Some Confederate monuments still stand

Kierra Calhoun | Staff Writer

With the recent resurgence of publicized racial tensions in the United States, there has been much discussion over whether all Confederate monuments should be removed from southern communities.

Richmond couple George Braxton and Kelly Harris-Braxton were recently interviewed by Channel 13 News on their personal views about the confederate statues on Monument Avenue and why they believe the statues should be removed. The Braxtons both asserted that Confederate monuments are directly associated with all of the brutalities African Americans have endured in order to benefit the Confederate economy.

The couple also views this monument, and others similar to it, as “gathering places for separatists, white supremacists and Nazis.”

The Braxtons and many other individuals think all Confederate statues and monuments in the South should be removed.

Several Hampton University students, when asked about their personal views and feelings toward confederate monuments, had disparate responses – especially when comparing the ones between students from the South and students from other regions of the country.

When asked what feelings they held toward Confederate monuments, many students, especially those from non-southern regions, expressed indifference.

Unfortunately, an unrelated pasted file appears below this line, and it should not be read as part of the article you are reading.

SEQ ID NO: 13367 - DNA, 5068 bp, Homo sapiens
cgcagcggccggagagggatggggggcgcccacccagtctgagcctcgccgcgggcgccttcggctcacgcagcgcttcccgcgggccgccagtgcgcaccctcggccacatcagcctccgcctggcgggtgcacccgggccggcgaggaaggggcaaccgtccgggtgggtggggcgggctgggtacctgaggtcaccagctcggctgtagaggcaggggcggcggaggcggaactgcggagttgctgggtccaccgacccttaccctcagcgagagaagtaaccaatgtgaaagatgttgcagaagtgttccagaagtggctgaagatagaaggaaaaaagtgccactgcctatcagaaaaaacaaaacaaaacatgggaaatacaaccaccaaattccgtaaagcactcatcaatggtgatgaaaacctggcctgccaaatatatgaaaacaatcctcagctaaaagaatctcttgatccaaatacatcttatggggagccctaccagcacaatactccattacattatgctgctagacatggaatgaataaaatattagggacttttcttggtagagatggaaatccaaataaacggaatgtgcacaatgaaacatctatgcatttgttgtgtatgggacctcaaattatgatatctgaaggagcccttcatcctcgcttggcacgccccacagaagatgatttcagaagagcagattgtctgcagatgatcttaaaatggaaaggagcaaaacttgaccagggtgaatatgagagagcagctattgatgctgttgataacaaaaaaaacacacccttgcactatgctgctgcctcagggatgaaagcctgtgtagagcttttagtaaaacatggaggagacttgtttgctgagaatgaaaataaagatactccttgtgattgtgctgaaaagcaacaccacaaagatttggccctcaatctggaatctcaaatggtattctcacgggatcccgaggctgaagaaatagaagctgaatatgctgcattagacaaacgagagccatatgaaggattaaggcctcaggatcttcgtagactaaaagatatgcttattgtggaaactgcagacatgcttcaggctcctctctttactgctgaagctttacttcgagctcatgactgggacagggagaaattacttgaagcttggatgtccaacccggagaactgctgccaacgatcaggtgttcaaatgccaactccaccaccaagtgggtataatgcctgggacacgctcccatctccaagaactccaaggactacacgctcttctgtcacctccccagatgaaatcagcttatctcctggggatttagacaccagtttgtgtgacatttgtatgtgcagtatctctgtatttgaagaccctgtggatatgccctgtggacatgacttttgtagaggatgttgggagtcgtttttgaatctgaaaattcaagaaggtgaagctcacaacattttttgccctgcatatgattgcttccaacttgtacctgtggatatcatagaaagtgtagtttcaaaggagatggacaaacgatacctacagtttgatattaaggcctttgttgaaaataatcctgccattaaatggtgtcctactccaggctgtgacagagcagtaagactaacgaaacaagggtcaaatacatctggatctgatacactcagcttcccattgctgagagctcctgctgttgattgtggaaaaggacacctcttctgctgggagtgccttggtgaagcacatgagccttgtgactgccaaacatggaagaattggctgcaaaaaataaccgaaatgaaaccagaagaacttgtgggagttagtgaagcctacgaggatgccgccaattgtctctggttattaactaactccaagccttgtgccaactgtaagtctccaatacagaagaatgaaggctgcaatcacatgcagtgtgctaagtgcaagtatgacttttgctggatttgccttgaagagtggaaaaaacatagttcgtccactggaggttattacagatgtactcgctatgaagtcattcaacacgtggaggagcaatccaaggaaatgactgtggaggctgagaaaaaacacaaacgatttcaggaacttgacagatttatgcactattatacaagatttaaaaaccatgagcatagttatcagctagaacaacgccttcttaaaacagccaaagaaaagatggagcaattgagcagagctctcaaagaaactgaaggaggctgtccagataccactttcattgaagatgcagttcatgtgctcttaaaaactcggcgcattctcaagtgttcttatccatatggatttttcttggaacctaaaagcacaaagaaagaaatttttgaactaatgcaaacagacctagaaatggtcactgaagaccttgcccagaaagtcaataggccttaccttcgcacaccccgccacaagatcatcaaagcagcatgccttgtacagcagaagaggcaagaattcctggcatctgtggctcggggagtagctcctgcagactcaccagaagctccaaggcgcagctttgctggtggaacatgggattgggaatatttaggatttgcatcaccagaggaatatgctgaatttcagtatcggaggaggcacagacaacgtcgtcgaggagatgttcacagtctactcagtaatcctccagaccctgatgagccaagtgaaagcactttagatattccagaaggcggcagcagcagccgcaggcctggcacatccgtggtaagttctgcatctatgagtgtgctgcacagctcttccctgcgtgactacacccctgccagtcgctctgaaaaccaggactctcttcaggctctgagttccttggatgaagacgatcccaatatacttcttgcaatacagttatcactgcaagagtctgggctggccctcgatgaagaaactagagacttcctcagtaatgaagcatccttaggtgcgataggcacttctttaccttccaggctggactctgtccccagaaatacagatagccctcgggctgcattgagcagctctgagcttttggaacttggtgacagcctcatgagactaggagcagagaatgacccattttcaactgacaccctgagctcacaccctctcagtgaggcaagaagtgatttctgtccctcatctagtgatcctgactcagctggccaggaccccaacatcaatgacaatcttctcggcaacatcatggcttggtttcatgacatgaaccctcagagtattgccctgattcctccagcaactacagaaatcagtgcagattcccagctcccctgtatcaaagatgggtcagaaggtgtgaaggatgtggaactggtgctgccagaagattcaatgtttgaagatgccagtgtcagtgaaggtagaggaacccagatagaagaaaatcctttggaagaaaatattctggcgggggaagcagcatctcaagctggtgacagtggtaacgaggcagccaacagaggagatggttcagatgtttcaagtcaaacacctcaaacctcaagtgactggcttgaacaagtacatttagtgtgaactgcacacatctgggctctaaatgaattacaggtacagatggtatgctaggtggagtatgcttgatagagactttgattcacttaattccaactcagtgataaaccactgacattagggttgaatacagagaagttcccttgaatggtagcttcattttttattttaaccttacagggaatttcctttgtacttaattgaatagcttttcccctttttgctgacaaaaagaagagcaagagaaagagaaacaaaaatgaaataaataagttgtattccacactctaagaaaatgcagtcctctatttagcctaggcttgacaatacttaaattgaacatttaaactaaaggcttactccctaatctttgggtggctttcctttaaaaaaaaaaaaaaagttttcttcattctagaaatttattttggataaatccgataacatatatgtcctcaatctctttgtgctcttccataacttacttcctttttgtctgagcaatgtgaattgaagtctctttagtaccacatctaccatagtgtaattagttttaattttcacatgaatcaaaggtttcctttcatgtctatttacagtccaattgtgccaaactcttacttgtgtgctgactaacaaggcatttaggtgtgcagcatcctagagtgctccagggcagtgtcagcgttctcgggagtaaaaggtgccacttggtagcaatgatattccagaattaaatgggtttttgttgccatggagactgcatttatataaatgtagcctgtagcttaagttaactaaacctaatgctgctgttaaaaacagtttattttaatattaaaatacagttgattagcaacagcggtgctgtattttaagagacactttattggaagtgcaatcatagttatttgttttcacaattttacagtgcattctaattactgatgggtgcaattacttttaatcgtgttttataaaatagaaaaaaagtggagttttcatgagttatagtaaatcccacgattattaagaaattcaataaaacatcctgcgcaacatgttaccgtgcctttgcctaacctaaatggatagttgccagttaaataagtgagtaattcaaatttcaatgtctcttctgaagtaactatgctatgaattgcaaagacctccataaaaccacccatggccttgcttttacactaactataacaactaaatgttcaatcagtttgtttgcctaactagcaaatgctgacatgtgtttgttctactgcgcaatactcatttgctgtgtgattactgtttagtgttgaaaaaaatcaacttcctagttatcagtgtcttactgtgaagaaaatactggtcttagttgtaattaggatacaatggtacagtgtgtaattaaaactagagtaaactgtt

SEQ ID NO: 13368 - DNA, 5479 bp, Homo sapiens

“I do not have [strong] feelings towards the monuments themselves, as I did not grow up in the South,” sophomore Andre Ray said. “[If I had to choose,] I would say to take [the statues] down only because I think that keeping them up signifies that we as a country are not unified. The Confederacy formed its own country, and we are all one country now.”

Responses similar to Ray’s suggest that perhaps the negative stigmas associated with Confederate monuments are a regional thing. Many students also expressed that they associate the monuments with the Civil War more so than they do with slavery.

Ultimately, nearly every student who was interviewed maintained the monuments should be taken down.

“They should be taken down, because what is there to celebrate?” said Raina Williams, a junior political science major from Philadelphia.

Many believe that the removal of monuments of Confederate war heroes could be the first step in putting an end to racial terrorism in the country.